In the introduction to his book, Stein says that his purpose is "to talk honestly about race." He accomplishes that purpose in a fact-filled book that should be a revelation, especially to young people of any race, who have been fed a party line in schools and colleges across America.
He looks behind the highly sanitized picture of Al Sharpton, as a civil rights statesman with his own MSNBC program and his designation as a White House adviser, to the factual reality of a man with a trail of slime that has included inciting mobs, in some cases costing innocent lives.
Positive news also receives its due. Some readers of this book may be surprised to learn that the ban on racial preferences in the University of California system did not lead to a disappearance of blacks from the system, as the supporters of affirmative action claimed would happen.
On the contrary, more blacks graduated from the system after the ban -- for the very common sense reason that they were now admitted to University of California campuses where they qualified, rather than to places like UCLA and Berkeley, where they had often been admitted to fill a quota, and often failed.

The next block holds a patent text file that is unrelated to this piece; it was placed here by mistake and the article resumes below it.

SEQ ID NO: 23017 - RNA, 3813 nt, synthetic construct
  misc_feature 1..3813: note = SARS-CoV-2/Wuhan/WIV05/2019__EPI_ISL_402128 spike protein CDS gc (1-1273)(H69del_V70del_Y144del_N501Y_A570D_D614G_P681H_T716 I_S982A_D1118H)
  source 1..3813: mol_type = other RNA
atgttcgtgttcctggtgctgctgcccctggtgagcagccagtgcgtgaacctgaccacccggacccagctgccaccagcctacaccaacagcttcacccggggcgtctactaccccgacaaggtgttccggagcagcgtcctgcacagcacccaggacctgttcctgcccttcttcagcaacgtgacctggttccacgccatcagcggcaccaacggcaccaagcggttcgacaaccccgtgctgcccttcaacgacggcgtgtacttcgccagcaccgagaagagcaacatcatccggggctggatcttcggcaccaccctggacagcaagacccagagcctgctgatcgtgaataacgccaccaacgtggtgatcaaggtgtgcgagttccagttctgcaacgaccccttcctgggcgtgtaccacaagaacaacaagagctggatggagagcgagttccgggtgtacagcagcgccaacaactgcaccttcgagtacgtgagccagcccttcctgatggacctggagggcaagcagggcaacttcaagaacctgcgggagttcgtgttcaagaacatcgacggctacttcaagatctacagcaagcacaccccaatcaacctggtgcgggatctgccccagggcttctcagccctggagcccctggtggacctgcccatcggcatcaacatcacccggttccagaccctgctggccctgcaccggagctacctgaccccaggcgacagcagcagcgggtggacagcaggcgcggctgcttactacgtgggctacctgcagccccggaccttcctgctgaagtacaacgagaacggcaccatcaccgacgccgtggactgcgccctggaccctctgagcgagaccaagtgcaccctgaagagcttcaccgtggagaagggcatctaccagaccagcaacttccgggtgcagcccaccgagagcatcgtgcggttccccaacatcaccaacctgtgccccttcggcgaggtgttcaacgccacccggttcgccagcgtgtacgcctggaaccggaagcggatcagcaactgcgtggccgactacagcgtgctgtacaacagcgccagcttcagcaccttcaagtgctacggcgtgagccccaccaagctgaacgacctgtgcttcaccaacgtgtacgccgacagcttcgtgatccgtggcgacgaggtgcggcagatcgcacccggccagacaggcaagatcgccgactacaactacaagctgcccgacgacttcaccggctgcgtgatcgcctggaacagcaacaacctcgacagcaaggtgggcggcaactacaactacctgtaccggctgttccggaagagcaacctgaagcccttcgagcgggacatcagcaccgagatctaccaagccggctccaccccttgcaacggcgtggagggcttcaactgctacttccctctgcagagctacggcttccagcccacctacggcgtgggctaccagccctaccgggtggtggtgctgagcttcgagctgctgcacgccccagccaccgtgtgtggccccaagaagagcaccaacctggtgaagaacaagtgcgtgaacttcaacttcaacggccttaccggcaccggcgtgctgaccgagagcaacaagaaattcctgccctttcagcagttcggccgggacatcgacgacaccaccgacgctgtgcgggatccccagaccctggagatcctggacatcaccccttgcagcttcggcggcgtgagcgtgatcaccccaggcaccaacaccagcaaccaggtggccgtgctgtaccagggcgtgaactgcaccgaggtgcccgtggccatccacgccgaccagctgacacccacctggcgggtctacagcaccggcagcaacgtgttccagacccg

Stein's book is also one of the few places where many young people will see the actual words of people like Bill Cosby, Shelby Steele, Pat Moynihan and others who have opposed the fashionable platitudes that confuse racial issues.
Whether those words convince all readers is not the point. The point, especially for young readers in our schools and colleges, is that this may be one of the few times they will ever encounter a fundamentally different set of views on race -- views that they have only heard referred to as coming from "Uncle Toms" or "racists."
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